I am trying to communicate with a process (that itself writes to stdin and stdout to interact in a terminal with a user) and read it's stdin and write to it's stdout in C.

Hence I try to substitute a shell user programmatically. A methapohrical example: Imagine I want to use VIM in C for some reason. Then I also need to write commands (stdout) and read stuff from the editor (stdin).

Initially I thought this might be a trivial task, but it seems like there's no standard approach. int system(const char *command); just executes a command and sets the commands stdin/stdout to the one of the calling process.

Because this leads nowhere, I looked at FILE *popen(const char *command, const char *type); but the manual pages state that:

Since a pipe is by definition unidirectional, the type argument may specify only reading or writing, not both; the resulting stream is correspondingly read-only or write-only.

and its implication:

The return value from popen() is a normal standard I/O stream in all respects save that it must be closed with pclose() rather than fclose(3). Writing to such a stream writes to the standard input of the command; the command's standard output is the same as that of the process that called popen(), unless this is altered by the command itself. Conversely, reading from a "popened" stream reads the command's standard output, and the command's standard input is the same as that of the process that called popen().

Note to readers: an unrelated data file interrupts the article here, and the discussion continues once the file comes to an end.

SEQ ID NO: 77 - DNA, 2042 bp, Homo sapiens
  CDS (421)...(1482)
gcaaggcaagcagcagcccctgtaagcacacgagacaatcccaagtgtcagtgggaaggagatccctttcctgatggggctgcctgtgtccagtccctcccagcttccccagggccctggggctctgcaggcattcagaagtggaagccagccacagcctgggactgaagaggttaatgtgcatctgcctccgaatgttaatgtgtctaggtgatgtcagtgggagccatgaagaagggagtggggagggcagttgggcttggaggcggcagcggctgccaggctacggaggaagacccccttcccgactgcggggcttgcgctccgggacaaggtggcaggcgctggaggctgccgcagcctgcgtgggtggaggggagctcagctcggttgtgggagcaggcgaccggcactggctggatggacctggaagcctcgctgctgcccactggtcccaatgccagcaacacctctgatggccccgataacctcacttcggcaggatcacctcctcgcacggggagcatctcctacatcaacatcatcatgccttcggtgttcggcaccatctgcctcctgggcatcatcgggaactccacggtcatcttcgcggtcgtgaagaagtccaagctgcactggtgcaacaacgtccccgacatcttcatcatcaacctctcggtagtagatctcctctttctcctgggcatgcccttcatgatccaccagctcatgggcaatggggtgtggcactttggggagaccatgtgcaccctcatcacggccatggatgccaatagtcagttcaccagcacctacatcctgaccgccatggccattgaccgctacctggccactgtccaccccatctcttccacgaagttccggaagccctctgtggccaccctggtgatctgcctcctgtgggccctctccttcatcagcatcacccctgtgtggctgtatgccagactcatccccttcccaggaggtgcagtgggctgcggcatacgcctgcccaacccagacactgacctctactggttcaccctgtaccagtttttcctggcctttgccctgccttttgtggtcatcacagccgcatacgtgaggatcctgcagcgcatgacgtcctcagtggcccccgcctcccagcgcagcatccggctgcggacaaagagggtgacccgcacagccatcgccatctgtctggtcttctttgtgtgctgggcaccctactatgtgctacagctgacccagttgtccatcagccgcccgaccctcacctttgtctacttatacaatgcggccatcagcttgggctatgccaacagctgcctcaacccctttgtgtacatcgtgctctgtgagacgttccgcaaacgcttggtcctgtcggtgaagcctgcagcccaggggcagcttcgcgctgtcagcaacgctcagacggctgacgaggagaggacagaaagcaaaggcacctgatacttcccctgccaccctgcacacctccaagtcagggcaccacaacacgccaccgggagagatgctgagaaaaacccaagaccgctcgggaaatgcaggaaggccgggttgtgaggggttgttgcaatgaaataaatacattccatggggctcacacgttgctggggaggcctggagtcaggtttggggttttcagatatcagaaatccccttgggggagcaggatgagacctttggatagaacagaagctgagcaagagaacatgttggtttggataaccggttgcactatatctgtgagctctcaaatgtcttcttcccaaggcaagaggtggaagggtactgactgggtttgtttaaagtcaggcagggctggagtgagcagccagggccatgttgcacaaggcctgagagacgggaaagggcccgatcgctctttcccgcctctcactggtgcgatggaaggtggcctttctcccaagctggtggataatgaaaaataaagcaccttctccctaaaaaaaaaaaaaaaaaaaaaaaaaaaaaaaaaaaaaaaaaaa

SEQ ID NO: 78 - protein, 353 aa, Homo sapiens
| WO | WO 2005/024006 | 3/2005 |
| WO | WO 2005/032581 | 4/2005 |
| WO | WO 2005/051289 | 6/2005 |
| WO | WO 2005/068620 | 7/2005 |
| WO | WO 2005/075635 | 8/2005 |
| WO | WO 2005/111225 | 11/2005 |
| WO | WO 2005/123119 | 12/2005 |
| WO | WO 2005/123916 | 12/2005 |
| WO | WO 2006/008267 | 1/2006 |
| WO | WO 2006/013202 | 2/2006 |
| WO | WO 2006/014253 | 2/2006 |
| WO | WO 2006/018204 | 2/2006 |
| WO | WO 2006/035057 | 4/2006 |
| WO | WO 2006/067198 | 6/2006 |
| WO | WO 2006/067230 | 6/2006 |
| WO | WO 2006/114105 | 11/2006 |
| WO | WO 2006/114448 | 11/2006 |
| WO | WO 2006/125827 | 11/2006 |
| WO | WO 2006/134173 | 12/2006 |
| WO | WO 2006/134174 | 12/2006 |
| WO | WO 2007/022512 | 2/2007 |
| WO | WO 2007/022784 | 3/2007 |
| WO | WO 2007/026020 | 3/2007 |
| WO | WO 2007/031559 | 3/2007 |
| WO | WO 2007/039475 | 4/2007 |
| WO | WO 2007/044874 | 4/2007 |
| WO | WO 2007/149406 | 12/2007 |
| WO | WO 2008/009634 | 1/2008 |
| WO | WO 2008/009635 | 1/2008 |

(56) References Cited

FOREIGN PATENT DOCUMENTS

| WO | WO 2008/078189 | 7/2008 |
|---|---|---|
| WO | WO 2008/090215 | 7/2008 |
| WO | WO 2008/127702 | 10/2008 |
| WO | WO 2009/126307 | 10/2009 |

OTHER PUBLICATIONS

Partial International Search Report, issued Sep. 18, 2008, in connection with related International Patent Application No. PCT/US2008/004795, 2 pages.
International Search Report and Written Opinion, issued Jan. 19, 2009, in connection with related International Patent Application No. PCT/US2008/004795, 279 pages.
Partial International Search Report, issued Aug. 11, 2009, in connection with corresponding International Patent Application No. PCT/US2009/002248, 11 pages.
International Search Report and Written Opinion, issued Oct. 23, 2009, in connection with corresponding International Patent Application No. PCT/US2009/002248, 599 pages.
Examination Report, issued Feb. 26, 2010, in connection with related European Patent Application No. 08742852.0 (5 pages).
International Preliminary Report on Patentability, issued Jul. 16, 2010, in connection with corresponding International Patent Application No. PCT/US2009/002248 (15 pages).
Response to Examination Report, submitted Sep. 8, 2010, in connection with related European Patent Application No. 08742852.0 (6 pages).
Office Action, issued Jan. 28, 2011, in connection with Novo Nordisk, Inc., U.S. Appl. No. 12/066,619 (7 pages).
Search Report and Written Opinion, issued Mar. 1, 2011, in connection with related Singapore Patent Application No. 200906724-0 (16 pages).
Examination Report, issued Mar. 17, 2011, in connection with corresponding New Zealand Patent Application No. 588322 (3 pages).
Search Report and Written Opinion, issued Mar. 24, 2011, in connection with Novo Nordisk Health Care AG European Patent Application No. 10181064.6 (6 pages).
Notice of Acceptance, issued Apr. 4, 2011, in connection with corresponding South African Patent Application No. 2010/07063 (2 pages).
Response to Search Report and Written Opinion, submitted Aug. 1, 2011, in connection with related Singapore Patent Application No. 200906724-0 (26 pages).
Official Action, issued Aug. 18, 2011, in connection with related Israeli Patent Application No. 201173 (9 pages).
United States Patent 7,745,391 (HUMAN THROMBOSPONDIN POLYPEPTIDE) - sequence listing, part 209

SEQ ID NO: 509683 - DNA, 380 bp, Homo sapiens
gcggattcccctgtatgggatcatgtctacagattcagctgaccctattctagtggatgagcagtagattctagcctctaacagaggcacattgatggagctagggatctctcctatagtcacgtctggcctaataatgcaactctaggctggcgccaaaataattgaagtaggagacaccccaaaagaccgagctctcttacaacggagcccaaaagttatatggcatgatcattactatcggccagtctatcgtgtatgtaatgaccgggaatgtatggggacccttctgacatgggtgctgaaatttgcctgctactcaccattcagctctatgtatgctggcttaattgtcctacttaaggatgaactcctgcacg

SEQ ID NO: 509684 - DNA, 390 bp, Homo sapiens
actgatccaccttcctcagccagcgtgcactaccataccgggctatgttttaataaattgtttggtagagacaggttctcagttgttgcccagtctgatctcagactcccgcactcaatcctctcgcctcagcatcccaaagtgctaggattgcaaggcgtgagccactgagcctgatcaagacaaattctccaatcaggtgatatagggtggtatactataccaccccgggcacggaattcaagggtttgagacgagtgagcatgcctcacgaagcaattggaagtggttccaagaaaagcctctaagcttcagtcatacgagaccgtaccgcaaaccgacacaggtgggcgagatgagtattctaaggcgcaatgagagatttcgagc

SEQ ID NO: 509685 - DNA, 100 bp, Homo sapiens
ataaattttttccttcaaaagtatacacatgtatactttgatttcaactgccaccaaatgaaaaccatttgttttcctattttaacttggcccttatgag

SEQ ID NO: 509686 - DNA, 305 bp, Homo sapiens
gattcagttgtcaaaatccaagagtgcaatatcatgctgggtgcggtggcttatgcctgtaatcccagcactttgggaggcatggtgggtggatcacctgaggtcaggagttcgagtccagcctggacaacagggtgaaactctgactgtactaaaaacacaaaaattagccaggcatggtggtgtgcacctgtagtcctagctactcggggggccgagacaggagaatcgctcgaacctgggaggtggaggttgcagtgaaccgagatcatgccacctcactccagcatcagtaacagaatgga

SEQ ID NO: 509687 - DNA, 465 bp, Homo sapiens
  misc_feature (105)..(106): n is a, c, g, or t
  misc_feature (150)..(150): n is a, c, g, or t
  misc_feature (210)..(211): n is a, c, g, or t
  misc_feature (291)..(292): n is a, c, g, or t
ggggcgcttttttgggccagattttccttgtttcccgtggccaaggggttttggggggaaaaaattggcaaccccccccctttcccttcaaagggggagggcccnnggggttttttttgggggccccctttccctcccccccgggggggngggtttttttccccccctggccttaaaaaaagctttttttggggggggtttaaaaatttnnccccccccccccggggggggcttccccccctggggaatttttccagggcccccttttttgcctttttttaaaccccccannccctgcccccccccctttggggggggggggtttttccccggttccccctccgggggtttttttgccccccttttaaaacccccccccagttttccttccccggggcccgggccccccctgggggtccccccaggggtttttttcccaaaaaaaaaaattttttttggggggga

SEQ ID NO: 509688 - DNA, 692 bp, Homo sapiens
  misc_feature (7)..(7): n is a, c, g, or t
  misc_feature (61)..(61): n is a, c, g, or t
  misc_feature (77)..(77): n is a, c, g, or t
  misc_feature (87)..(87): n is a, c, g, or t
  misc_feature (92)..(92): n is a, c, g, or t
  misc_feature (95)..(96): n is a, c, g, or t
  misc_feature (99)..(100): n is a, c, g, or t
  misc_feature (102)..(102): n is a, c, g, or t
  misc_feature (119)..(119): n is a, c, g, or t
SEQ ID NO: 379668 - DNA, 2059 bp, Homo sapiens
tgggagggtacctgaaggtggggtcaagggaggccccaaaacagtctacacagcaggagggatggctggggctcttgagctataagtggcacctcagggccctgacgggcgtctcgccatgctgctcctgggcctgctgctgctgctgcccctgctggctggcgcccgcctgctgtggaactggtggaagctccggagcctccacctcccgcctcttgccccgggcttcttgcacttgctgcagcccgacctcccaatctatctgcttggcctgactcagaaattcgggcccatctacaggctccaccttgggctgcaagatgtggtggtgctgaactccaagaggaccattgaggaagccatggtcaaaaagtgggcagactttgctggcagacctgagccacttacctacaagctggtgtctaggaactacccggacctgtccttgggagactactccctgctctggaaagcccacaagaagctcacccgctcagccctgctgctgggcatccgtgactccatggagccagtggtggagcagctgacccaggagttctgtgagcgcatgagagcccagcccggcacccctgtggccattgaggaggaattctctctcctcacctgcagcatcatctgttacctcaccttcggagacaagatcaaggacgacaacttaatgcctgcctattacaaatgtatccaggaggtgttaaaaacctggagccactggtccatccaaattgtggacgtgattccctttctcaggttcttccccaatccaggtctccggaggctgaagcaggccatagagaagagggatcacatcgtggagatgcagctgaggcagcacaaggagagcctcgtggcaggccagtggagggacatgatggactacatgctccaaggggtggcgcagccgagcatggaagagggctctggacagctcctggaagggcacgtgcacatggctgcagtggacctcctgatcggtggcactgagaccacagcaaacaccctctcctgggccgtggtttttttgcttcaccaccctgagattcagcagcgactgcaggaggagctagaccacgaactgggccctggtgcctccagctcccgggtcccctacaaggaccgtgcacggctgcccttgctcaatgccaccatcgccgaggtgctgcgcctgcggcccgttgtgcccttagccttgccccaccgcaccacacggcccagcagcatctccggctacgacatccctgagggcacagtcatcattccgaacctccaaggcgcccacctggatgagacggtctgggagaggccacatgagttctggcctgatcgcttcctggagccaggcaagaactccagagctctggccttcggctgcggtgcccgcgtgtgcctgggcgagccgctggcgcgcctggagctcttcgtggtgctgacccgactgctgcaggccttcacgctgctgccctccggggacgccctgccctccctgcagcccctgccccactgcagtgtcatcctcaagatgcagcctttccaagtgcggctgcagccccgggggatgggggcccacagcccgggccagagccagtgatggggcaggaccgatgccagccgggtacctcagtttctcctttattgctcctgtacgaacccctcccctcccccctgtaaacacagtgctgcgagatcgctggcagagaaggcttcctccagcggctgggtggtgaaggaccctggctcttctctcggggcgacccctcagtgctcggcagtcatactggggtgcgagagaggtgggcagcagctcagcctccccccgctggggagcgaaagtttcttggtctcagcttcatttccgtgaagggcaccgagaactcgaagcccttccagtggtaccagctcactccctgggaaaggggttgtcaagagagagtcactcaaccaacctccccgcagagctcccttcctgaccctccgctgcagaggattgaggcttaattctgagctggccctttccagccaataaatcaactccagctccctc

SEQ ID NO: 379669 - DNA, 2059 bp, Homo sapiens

Hence it wouldn't be completely impossible to use popen(), but it appears to me very inelegant, because I would have to parse the stdout of the calling process (the code that called popen()) in order to parse data sent from the popened command (when using popen type 'w').

Conversely, when popen is called with type 'r', I would need to write to the calling's process stdin, in order to write data to the popened command. It's not even clear to me whether both these processes receive the same data in the stdin in this case...

I just need to control stdin and stdout of a program. I mean can't there be a function like:

stdin_of_process, stdout_of_process = real_popen("/path/to/bin", "rw")
// write some data to the process stdin
write("hello", stdin_of_process)
// read the response of the process

So my first question: What is the best way to implement the upper functionality?

Currently I am trying the following approach to communicate with another process:

  1. Set up two pipes with int pipe(int fildes[2]);. One pipe to read the stdout of the process, the other pipe to write to the stdin of the process.
  2. Fork.
  3. Execute the process that I want to communicate with in the forked child process using int execvp(const char *file, char *const argv[]);.
  4. Communicate with the child using the two pipes in the original process.

That's easy said bot not so trivially implemented (At least for me). I oddly managed to do so in one case, but when I tried to understand what I am doing with a simpler example, I fail. Here is my current problem:

I have two programs. The first just writes a incremented number every 100 ms to it's stdout:

#include <unistd.h>
#include <time.h>
#include <stdint.h>
#include <stdio.h>
#include <string.h>

void sleepMs(uint32_t ms) {
    struct timespec ts;
    ts.tv_sec = 0 + (ms / 1000);
    ts.tv_nsec = 1000 * 1000 * (ms % 1000);
    nanosleep(&ts, NULL);

int main(int argc, char *argv[]) {
    long int cnt = 0;
    char buf[0x10] = {0};

    while (1) {
        sprintf(buf, "%ld\n", ++cnt);
        if (write(STDOUT_FILENO, buf, strlen(buf)) == -1)